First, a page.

Kolkata is India’s second largest city and is known as the country’s artistic and cultural capital. Formerly Calcutta, the city’s name was officially changed to Kolkata in 2001 (so don’t get confused when you see mention of the former name as you’re doing your pre-trip research!). Filled with temples, monuments, and other important landmarks, Kolkata is also home to some of the best street food in India, so bring your appetite. But while the city can be very in-your-face, don’t let the hectic pulse of it overwhelm you — ease your way in and let Kolkata charm you with its architecture, art, food, and friendly people. Ready to go? Here’s everything you’ll need to know when you get there.
The best way to get into the centre of the city is by pre-paid taxi. You can find pre-paid taxi counters at the airport’s arrivals level. The fare depends on your destination, but for getting from the airport to downtown, the fare shouldn’t be more than INR 500. The trip can range from 30 minutes in light traffic, to well over one and a half hours during rush hour.
You can also take a taxi to Dum Dum Station (about five kilometres from the airport) and then travel by Kolkata’s Metro to other parts of the city.
The city’s Metro was the first underground rail in India, but still only has a single route connecting the north and south of the city, from Dum Dum to Garia Station. Despite this, it still makes for a good way to get across the city. Trains run every 10 minutes and you can expect to pay INR 5 to 20 depending on how far you’re travelling.
Tuk-tuk-style auto-rickshaws (called autos) operate along fixed-routes throughout the city. These are hop-on share taxis that usually take three passengers in the back and one up front beside the driver. You can expect to pay about INR 6 to 10 for a ride.
Head out into the streets of Kolkata and explore some its famous memorials and museums, including Shaheed Minar, Victoria Memorial, and the Indian Museum. Start with Victoria Memorial, a stunning white marble structure dedicated to the memory of Queen Victoria that also houses a museum. The architecture and grounds alone are worth a visit, but the museum is also filled with numerous exhibits housed in 25 galleries, ranging from Indian and Western paintings, to rare photographs and tapestries.
Shaheed Minar, also called the “Monument”, is a 48-metre high tower established in 1848 as Ochtorloney Monument. It was given its current name in 1969, which means “martyr’s tower” in Bengali, to honour Indian freedom fighters. You can climb the monument’s 218 steps to get a panoramic view of the city below.
Kolkata’s Indian Museum is the oldest and largest museum in India, and one of the oldest museums in the world. Here you’ll find over 60 galleries dedicated to art, archaeology, anthropology, botany, zoology, and geology. The museum also hosts special lectures, workshops, and other educational events.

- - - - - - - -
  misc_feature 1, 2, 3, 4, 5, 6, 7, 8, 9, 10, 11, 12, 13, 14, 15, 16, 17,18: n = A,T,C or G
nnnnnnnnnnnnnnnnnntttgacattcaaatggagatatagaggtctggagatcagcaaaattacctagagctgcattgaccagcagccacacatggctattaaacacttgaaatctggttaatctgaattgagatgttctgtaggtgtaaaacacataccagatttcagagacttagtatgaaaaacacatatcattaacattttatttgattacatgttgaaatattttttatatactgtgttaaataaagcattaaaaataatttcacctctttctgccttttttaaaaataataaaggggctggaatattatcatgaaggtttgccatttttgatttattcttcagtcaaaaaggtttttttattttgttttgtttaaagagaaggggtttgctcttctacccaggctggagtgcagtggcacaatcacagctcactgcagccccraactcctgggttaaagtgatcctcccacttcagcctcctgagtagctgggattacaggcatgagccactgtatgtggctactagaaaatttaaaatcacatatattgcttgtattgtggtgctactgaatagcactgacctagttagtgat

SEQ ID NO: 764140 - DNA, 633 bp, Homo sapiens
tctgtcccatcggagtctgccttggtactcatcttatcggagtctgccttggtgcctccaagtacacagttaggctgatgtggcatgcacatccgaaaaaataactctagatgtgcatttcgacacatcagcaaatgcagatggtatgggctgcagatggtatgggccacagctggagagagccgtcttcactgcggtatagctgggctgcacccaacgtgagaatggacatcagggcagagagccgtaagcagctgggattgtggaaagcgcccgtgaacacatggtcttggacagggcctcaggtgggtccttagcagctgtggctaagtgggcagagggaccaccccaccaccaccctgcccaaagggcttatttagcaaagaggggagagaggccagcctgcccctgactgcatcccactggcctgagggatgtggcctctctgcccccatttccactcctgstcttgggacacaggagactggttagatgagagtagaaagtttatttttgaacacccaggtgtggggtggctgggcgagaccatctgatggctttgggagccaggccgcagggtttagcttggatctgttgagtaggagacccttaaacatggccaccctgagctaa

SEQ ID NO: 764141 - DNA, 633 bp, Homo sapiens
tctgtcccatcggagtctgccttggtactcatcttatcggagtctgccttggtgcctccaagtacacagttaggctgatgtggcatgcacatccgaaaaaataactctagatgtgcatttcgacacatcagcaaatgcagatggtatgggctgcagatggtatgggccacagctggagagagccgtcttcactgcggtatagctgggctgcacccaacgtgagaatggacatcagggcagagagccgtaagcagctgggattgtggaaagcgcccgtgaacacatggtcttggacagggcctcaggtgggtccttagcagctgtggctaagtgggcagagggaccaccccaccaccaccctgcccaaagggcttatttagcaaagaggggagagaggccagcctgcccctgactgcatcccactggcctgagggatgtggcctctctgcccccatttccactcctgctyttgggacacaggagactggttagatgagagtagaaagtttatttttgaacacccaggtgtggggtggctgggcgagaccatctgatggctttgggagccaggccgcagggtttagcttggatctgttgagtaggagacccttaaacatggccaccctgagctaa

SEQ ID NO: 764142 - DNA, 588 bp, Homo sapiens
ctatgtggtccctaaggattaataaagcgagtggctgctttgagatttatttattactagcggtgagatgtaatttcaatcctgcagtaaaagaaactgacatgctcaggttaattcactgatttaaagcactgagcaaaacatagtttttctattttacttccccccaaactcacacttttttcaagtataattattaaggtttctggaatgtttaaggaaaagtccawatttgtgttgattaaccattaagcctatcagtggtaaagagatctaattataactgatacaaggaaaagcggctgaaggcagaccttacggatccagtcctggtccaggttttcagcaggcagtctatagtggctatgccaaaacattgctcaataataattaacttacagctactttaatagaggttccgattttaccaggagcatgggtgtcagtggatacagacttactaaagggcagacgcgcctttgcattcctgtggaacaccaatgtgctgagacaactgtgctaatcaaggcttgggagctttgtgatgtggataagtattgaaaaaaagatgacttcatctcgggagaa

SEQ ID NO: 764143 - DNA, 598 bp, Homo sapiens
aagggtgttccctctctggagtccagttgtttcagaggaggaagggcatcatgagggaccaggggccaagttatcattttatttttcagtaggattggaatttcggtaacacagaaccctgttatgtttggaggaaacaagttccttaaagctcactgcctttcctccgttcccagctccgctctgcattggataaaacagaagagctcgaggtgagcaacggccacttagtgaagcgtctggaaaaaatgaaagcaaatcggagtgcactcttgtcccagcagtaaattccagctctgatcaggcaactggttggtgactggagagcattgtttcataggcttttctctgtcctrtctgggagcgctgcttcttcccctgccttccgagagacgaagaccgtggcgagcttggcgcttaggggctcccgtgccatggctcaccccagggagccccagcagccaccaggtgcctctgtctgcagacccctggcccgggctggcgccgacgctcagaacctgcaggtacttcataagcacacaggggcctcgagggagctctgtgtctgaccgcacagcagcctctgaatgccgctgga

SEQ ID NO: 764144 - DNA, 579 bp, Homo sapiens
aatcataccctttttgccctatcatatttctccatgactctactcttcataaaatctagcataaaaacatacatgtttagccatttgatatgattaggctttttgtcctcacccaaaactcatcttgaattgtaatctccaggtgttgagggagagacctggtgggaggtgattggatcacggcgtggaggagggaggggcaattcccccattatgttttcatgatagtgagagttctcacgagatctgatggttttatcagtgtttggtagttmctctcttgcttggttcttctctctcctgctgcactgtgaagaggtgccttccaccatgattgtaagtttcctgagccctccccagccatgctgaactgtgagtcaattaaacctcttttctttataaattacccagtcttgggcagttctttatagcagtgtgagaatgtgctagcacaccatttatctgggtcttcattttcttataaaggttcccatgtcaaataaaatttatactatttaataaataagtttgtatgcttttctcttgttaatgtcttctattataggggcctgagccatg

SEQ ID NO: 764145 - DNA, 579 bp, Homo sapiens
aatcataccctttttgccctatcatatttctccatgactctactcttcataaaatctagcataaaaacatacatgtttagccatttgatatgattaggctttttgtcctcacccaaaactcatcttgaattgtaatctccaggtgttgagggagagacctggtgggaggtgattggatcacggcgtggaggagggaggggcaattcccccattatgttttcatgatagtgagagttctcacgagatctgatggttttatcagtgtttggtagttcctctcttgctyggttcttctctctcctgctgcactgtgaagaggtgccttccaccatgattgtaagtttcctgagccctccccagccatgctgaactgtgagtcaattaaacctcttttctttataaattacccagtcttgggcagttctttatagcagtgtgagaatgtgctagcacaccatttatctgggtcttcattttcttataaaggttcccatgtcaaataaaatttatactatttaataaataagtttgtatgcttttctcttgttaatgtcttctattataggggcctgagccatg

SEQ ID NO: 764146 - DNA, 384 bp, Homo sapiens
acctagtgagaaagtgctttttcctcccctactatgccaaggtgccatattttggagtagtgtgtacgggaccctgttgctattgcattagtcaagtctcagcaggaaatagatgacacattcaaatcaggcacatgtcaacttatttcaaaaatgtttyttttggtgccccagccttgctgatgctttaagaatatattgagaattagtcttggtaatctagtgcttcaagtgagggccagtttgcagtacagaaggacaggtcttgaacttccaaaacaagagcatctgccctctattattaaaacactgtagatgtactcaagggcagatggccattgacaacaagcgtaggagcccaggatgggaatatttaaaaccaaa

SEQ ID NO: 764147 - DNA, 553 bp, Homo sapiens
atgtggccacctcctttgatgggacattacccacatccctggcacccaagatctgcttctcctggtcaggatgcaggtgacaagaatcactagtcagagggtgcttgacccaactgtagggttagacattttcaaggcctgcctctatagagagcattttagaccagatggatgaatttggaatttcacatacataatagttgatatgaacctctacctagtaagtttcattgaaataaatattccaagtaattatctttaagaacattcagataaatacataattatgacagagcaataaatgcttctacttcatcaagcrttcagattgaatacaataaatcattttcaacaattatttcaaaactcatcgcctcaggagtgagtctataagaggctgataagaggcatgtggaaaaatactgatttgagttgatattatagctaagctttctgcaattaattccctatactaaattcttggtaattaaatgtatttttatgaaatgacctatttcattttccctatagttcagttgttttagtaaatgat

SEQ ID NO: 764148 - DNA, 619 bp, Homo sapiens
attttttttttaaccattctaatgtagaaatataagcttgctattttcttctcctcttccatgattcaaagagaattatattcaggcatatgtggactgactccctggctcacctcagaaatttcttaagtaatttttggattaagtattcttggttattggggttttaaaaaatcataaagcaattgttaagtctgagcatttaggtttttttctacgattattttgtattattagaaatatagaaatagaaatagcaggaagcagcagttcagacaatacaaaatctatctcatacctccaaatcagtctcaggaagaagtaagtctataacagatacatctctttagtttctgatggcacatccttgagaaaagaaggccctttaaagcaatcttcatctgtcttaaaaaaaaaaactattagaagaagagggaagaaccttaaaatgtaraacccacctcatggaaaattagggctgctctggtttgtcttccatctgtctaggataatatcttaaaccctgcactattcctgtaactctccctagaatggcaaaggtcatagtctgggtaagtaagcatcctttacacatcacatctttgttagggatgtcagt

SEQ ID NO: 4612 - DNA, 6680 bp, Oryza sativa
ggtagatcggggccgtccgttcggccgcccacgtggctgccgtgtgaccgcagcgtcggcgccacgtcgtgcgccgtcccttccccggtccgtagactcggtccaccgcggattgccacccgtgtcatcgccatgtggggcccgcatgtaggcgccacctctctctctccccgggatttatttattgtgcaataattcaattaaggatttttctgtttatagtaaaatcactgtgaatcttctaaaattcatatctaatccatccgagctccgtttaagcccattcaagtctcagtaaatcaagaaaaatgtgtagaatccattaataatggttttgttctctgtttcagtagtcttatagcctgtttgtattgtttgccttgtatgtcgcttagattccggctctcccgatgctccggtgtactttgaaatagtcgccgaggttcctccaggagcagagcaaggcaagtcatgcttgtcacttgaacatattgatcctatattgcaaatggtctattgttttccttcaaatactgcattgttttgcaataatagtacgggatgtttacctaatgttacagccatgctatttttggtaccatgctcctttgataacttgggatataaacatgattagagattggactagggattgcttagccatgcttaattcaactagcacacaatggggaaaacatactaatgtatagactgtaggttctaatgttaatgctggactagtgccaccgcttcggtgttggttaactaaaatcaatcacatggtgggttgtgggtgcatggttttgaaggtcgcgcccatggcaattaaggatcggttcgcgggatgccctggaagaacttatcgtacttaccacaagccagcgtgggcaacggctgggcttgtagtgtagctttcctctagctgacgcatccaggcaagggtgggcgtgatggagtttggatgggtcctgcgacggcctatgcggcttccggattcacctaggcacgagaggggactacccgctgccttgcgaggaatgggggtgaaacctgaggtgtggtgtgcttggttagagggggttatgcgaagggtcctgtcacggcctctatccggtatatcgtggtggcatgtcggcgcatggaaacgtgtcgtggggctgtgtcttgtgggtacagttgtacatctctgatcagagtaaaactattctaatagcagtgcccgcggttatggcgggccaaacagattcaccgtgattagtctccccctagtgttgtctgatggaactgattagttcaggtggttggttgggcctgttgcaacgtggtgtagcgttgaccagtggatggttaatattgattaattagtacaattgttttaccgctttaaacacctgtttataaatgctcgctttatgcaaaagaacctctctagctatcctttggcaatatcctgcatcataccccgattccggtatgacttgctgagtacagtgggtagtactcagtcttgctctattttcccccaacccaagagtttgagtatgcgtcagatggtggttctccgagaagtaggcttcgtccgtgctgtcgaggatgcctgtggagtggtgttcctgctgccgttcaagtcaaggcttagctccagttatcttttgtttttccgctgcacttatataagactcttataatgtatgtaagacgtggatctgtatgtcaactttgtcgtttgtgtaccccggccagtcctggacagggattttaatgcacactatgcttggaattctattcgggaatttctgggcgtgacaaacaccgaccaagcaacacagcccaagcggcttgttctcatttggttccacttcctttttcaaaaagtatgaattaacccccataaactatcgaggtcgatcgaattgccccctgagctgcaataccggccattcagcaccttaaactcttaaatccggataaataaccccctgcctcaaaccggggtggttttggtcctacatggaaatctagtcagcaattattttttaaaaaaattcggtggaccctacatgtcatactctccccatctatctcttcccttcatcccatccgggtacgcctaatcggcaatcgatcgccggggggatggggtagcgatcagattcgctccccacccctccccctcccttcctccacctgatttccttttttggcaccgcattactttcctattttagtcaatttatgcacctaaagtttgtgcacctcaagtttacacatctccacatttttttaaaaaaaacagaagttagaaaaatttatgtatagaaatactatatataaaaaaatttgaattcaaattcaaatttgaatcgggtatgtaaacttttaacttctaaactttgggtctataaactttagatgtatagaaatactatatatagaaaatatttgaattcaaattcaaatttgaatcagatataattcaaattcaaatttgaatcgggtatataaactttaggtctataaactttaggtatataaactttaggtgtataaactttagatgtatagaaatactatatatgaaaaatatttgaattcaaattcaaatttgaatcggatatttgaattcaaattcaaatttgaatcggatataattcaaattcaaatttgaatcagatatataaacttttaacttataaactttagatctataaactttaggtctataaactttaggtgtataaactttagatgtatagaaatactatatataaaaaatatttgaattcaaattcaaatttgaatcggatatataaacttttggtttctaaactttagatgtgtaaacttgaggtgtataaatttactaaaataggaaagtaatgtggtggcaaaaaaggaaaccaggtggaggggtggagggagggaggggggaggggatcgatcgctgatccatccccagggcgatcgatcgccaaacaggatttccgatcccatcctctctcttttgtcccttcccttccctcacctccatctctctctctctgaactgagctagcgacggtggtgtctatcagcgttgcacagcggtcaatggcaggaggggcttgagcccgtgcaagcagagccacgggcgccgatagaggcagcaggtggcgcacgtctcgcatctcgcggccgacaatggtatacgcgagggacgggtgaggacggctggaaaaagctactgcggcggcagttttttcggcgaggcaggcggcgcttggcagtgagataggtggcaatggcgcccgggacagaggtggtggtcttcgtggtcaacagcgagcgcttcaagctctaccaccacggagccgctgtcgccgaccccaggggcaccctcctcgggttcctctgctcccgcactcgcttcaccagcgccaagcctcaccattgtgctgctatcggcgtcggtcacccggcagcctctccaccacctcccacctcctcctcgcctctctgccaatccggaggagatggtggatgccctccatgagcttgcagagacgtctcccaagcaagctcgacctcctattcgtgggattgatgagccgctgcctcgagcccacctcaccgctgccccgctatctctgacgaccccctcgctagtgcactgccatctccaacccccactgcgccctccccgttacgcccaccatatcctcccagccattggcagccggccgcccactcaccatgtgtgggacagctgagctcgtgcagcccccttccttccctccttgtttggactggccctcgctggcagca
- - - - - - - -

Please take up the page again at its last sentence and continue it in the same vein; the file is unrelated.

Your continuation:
Home to hundreds of clay artists, Kumortuli is a unique neighbourhood in the north part of Kolkata well worth a visit. Here, you can watch artists create clay idols of gods and goddesses, most notably, the Hindu goddess Durga. The best time to go and wander through the narrow lanes, seeing the artists at work, is the lead-up to Durga Puja. Dura Puja is the biggest and most important festival in Kolkata, one that celebrates the goddess Durga, idols of which you’ll see being made in all sizes and colours.
In the mood to shop? Make your way to New Market (originally Sir Stuart Hogg Market), close to backpacker area of Sudder street. This historic area has been around for well over 100 years and is a mecca for shoppers. What might be the busiest shopping district in the region houses a maze or over 2,000 stalls and stores under one roof. There is a dizzying array of merchandise available here, from produce and spices, to saris, jewellery, and seafood (to name but a few categories of what you’ll find). If you do want to pick up a few things, expect to haggle.
Kolkata street food is something you’re definitely not going to want to miss while visiting. The city is known to have some of the best street eats in the country and some of the best places to find it are in the aforementioned New Market, as well as along Park Street (often referred to as Food Street). Make sure to try some jhal muri, a snack-worthy blend of puffed rice, peanuts, spices, cilantro, and vegetables popular all over the city. Ghugni chaat, another Kolkata favourite, is a mixture of yellow peas topped with vegetables and herbs.
Some movies to check out that were filmed (at least in part) in Kolkata include The Waiting City, about an Australian couple who arrive to adopt a child; Lion, which details the life of an Indian man after he’s lost on the streets of Kolkata as a child; The Namesake, about first-generation Indians who have immigrated to the US; and City of Joy, based on the famous book by Dominique Lapierre.
Get in the mood for exploring Kolkata by listing to Moheener Ghoraguli, a 1970s band from Kolkata that’s considered to be the first Bengali rock band. They came out with a folk-style that was deeply personal and social at a time when commercial music dominated the market, offering a new style of music in India that was radically different from what most Indians were used to hearing.
Walking Calcutta by Keith Humphrey and City of Joy by Dominique Lapierre are good books to add to your nightstand before a visit to Kolkata. The first is a traveller’s tale of walking the very non-travelled backstreets of Kolkata — the parts of the old city where tourists don’t frequently visit. The second, which was made into a movie of the same name, explores the caste system, the various religions, and the levels of poverty in the slums, juxtaposed with the wealthier sides of India.